LeapFrog Explorer Learning Game: LeapSchool Reading
What parents need to know
Parents Need to Know
Parents need to know that LeapFrog Explorer Learning Game: LeapSchool Reading (for Leapster Explorer or LeapPad Explorer) is a collection of mini-games, each attached to a different character in the "school." The compilation includes some reading games, sorting activities, and games that encourage fine motor control and hand-eye coordination. The reading games are varied and some are certainly easier than others. Since the mini-games are designed so kids won't be completely stuck, parents should know that completing the game is not an indication that your children can read. Parents can connect the device to the LeapFrog Learning Path to get statistics for their child's use of the game, including how they have done with a particular skill. Kids can also connect to LeapWorld online (a virtual world with no social interaction) to purchase Micromods with tokens they earn from the game. These add additional content, themes, etc., to the game.
What kids can learn
Language & Reading
- letter or word recognition
Thinking & Reasoning
- respecting other viewpoints
Responsibility & Ethics
- respect for others
Engagement, Approach, Support
Kids will enjoy meeting all 26 characters in the school and exploring their hobbies. Some of the games are more engaging than others, but with so many choices, kids will find many to enjoy.
The characters reflect a diversity of gender and ethnicity, as well as hobbies and interests. Kids get plenty of direction and feedback on their work.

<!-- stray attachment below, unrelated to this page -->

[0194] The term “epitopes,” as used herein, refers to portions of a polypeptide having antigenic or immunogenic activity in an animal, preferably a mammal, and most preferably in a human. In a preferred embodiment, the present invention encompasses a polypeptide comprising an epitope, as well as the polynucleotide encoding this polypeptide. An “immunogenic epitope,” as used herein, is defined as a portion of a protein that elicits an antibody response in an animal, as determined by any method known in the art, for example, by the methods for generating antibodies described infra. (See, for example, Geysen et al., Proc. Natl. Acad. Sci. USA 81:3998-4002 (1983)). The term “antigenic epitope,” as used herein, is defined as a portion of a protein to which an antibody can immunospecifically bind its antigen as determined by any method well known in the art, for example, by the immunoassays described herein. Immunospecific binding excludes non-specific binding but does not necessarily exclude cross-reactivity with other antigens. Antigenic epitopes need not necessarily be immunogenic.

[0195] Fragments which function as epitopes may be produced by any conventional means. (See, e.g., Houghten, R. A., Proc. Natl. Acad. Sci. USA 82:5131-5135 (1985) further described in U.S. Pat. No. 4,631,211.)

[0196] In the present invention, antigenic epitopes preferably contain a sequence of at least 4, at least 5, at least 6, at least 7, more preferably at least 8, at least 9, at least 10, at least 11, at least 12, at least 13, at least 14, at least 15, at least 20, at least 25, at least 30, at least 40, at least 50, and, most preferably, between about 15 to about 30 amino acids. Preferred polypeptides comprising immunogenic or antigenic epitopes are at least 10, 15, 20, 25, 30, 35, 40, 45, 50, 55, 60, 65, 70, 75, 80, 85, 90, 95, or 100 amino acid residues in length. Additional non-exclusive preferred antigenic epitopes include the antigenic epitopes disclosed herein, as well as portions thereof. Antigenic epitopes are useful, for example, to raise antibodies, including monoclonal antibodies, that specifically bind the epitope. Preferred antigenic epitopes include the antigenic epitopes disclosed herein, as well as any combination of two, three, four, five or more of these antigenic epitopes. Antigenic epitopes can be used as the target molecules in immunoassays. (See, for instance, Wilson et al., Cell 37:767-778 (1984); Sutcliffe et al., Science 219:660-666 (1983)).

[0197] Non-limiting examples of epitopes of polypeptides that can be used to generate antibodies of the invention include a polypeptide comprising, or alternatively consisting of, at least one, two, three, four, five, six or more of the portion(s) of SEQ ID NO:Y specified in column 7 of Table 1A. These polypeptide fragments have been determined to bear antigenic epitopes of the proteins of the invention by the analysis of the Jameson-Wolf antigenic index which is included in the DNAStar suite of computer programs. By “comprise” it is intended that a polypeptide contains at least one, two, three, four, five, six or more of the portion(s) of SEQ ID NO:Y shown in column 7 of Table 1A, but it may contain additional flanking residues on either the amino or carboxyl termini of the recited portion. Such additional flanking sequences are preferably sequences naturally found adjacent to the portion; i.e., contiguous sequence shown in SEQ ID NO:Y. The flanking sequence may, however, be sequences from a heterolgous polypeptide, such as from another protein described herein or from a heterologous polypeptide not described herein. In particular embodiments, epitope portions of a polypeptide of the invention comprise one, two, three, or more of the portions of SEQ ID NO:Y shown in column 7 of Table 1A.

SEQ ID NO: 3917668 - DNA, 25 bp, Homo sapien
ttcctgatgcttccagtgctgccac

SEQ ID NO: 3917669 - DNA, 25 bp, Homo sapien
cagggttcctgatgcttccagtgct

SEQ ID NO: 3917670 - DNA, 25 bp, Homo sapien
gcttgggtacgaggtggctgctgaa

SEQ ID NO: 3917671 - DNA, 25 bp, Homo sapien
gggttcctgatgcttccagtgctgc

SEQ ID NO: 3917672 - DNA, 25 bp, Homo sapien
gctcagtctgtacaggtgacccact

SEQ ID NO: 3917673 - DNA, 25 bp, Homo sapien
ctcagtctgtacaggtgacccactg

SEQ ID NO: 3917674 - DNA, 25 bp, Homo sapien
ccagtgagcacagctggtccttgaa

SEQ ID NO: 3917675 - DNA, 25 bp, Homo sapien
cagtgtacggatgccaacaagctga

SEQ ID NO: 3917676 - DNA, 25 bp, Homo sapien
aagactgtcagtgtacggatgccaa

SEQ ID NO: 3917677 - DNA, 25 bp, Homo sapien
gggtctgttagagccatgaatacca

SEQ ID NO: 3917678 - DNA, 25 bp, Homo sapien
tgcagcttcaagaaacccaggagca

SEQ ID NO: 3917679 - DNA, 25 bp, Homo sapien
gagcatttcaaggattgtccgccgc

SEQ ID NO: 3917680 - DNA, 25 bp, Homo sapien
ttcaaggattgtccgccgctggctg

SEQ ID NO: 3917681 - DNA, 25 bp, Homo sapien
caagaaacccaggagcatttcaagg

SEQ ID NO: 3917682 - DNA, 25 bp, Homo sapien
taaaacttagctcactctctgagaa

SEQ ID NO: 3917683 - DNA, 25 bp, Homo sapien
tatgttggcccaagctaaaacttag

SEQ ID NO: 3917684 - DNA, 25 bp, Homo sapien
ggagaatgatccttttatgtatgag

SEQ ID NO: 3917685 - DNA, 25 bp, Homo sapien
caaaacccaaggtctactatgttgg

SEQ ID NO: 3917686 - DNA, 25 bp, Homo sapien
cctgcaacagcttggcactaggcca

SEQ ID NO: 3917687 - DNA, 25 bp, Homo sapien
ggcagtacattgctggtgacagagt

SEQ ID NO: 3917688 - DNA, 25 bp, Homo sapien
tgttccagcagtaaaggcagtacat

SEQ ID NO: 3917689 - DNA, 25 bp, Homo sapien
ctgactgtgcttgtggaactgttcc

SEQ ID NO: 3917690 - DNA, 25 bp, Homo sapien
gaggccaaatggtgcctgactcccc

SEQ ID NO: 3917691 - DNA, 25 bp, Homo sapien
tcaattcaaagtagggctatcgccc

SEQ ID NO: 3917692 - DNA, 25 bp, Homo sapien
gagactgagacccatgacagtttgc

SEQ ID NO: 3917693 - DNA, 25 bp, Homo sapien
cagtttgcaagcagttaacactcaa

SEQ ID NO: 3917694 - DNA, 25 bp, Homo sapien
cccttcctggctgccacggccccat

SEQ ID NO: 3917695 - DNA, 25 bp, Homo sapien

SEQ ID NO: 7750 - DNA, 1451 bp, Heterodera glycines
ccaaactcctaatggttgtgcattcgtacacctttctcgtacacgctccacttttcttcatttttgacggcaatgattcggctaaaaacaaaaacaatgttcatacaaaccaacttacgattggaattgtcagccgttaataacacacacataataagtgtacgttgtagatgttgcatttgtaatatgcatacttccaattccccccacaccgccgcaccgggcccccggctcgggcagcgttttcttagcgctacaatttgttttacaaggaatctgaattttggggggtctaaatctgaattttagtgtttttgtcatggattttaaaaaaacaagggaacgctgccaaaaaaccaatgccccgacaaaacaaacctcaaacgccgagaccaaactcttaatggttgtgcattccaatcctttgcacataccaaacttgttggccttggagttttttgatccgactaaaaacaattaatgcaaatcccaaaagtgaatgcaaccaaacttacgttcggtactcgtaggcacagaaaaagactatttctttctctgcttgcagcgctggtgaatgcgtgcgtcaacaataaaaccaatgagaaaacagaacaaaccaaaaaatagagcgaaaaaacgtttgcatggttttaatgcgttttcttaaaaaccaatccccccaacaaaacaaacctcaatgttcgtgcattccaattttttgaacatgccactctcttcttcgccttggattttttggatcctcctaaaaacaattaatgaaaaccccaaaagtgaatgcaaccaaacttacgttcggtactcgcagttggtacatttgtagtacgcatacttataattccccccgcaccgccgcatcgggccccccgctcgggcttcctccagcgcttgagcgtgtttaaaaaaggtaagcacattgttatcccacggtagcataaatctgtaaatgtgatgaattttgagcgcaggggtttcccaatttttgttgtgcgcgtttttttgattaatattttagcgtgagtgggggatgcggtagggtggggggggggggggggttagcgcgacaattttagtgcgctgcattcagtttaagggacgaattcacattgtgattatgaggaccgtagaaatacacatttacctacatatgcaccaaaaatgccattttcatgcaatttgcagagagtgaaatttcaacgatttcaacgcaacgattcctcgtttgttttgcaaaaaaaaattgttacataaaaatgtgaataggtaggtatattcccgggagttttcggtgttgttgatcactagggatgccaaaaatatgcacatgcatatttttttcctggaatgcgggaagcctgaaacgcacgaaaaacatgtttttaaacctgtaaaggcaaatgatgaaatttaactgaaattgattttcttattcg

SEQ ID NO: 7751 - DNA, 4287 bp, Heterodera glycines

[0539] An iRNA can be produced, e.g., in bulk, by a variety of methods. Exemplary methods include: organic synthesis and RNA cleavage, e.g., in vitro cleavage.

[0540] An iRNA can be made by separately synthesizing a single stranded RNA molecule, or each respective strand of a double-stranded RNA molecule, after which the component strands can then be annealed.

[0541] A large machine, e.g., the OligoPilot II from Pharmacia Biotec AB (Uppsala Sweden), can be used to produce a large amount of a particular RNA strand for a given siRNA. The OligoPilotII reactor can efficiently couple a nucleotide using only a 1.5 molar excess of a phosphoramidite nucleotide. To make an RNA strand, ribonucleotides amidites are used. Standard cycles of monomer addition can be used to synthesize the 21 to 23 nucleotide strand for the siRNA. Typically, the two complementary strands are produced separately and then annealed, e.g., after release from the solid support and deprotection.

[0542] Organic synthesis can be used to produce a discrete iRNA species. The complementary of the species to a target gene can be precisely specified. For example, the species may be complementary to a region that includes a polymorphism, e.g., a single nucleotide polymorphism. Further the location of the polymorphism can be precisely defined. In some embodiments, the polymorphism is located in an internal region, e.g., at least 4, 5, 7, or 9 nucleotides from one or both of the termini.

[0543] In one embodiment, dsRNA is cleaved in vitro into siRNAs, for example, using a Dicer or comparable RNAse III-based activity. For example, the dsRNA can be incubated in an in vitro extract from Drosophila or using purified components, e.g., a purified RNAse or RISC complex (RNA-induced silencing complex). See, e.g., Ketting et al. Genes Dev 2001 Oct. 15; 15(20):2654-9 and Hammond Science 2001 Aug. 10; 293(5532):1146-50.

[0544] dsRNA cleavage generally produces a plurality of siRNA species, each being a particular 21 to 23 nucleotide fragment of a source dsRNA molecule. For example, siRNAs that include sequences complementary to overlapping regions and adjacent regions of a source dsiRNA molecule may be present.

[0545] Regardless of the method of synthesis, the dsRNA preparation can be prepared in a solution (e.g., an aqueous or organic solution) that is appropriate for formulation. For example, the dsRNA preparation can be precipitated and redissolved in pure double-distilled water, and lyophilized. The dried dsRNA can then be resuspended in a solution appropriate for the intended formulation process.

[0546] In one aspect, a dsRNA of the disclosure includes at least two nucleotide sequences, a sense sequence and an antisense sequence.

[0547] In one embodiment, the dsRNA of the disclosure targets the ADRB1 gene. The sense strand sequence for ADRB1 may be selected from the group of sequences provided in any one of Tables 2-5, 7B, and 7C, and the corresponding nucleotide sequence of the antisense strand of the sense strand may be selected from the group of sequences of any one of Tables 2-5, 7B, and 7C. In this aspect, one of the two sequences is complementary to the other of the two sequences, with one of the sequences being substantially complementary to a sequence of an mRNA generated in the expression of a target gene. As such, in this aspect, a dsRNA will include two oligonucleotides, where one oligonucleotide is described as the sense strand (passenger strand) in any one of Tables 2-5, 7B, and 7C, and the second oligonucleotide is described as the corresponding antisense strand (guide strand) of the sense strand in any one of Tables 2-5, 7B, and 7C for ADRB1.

Parents can track their child's progress using the LeapFrog Learning Path and can also access support materials and resources on the LeapFrog website.
What's it about?
LeapFrog Explorer Learning Game: LeapSchool Reading introduces kids to 26 characters (whose names each start with a different letter of the alphabet), all of whom are students in the school. Each character in the game has a particular passion, whether it is carpentry, baking, magic tricks, or racing. The mini-game that goes with the character matches their skill or interest. Kids are introduced to these characters in groups of three through a series of quests. In each quest, a character is trying to accomplish something, but needs some sort of help from the other two. Once kids have unlocked a particular character, they can play that mini-game through the Friend section of the menu. There are also challenges that ask you to look for certain objects throughout the game. Kids also unlock pictures, which can be revealed by rubbing away a blue film. They can then "tag" the picture with the names of the characters in the scene.
Is it any good?
LeapFrog Explorer Learning Game: Leapfrog Reading is definitely a strong game. The 26 different mini-games have plenty of repetition in terms of the general activity, but there is still enough variety to keep kids engaged and to appeal to a range of interests. There are also a lot of things to unlock and do. The characters are diverse and interesting -- kids will look forward to "meeting" them all. The reading games are also varied and help kids learn by presenting reading challenges from a variety of different angles.
Some of the games in LeapSchool Reading get a little repetitive. Some involve slicing a line through objects as they float across the screen. They're technically different activities (saw a board, shred a paper, hatch an egg, break up a molecule), but the gameplay is basically the same. Another set involve quickly tapping on an object in a whack-a-mole-type style. And a third set asks kids to flick objects toward a goal (feeding a horse, feeding a dolphin). This is a game that will definitely entertain and educate. Kids will love exploring.
Families can talk about...
Families can talk about loaning and borrowing objects. When is it OK to loan or borrow something? How long should you keep something you borrow? What if the item you have borrowed gets broken?
Talk about skills and hobbies. What are the things you can do that are special? How are those the same or different from the things your friends can do? How do the friends in the game use their special skills and interests to work together?
Do you like playing reading games for fun? Why?